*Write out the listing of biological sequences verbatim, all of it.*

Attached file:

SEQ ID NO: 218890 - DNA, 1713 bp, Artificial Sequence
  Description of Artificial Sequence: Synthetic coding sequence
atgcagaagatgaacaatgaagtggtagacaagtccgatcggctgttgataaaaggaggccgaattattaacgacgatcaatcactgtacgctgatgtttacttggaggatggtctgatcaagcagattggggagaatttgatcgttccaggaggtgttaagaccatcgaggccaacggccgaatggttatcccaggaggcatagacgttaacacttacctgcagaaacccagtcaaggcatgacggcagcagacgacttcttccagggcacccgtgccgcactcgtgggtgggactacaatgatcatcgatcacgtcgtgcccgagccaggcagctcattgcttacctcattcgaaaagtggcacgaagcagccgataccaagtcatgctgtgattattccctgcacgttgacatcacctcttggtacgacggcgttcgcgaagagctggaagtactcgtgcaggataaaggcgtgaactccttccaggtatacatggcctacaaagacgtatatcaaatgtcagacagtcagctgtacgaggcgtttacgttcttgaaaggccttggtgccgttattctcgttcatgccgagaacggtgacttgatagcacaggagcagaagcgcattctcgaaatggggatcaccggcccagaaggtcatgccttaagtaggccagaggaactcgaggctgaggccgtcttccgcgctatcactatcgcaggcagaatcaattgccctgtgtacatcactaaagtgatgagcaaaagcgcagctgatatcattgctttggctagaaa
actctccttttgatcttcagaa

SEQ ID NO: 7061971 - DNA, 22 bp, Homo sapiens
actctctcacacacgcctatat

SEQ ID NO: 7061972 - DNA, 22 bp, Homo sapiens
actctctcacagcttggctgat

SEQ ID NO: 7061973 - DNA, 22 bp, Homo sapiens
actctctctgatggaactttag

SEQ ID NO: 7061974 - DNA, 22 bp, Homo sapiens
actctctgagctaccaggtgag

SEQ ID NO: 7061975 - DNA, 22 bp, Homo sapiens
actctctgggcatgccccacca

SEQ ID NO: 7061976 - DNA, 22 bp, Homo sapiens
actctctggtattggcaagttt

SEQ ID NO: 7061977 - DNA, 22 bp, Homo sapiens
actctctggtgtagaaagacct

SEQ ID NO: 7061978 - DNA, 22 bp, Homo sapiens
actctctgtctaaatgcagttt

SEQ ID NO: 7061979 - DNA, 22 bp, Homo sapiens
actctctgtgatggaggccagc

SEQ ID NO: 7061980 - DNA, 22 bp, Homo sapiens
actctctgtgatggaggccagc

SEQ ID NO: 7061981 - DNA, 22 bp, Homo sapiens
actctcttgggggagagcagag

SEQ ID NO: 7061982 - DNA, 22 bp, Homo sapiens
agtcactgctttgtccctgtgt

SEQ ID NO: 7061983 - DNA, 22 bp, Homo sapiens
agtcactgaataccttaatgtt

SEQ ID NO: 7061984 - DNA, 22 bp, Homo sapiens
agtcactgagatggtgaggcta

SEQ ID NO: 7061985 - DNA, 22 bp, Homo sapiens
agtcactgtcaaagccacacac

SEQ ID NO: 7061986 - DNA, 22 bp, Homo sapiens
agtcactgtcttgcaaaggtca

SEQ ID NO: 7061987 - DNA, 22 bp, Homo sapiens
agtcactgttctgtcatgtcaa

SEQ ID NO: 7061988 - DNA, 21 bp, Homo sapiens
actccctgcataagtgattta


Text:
SEQ ID NO: 218890 - DNA, 1713 bp, Artificial Sequence
  Description of Artificial Sequence: Synthetic coding sequence
atgcagaagatgaacaatgaagtggtagacaagtccgatcggctgttgataaaaggaggccgaattattaacgacgatcaatcactgtacgctgatgtttacttggaggatggtctgatcaagcagattggggagaatttgatcgttccaggaggtgttaagaccatcgaggccaacggccgaatggttatcccaggaggcatagacgttaacacttacctgcagaaacccagtcaaggcatgacggcagcagacgacttcttccagggcacccgtgccgcactcgtgggtgggactacaatgatcatcgatcacgtcgtgcccgagccaggcagctcattgcttacctcattcgaaaagtggcacgaagcagccgataccaagtcatgctgtgattattccctgcacgttgacatcacctcttggtacgacggcgttcgcgaagagctggaagtactcgtgcaggataaaggcgtgaactccttccaggtatacatggcctacaaagacgtatatcaaatgtcagacagtcagctgtacgaggcgtttacgttcttgaaaggccttggtgccgttattctcgttcatgccgagaacggtgacttgatagcacaggagcagaagcgcattctcgaaatggggatcaccggcccagaaggtcatgccttaagtaggccagaggaactcgaggctgaggccgtcttccgcgctatcactatcgcaggcagaatcaattgccctgtgtacatcactaaagtgatgagcaaaagcgcagctgatatcattgctttggctagaaa
actctccttttgatcttcagaa

SEQ ID NO: 7061971 - DNA, 22 bp, Homo sapiens
actctctcacacacgcctatat

SEQ ID NO: 7061972 - DNA, 22 bp, Homo sapiens
actctctcacagcttggctgat

SEQ ID NO: 7061973 - DNA, 22 bp, Homo sapiens
actctctctgatggaactttag

SEQ ID NO: 7061974 - DNA, 22 bp, Homo sapiens
actctctgagctaccaggtgag

SEQ ID NO: 7061975 - DNA, 22 bp, Homo sapiens
actctctgggcatgccccacca

SEQ ID NO: 7061976 - DNA, 22 bp, Homo sapiens
actctctggtattggcaagttt

SEQ ID NO: 7061977 - DNA, 22 bp, Homo sapiens
actctctggtgtagaaagacct

SEQ ID NO: 7061978 - DNA, 22 bp, Homo sapiens
actctctgtctaaatgcagttt

SEQ ID NO: 7061979 - DNA, 22 bp, Homo sapiens
actctctgtgatggaggccagc

SEQ ID NO: 7061980 - DNA, 22 bp, Homo sapiens
actctctgtgatggaggccagc

SEQ ID NO: 7061981 - DNA, 22 bp, Homo sapiens
actctcttgggggagagcagag

SEQ ID NO: 7061982 - DNA, 22 bp, Homo sapiens
agtcactgctttgtccctgtgt

SEQ ID NO: 7061983 - DNA, 22 bp, Homo sapiens
agtcactgaataccttaatgtt

SEQ ID NO: 7061984 - DNA, 22 bp, Homo sapiens
agtcactgagatggtgaggcta

SEQ ID NO: 7061985 - DNA, 22 bp, Homo sapiens
agtcactgtcaaagccacacac

SEQ ID NO: 7061986 - DNA, 22 bp, Homo sapiens
agtcactgtcttgcaaaggtca

SEQ ID NO: 7061987 - DNA, 22 bp, Homo sapiens
agtcactgttctgtcatgtcaa

SEQ ID NO: 7061988 - DNA, 21 bp, Homo sapiens
actccctgcataagtgattta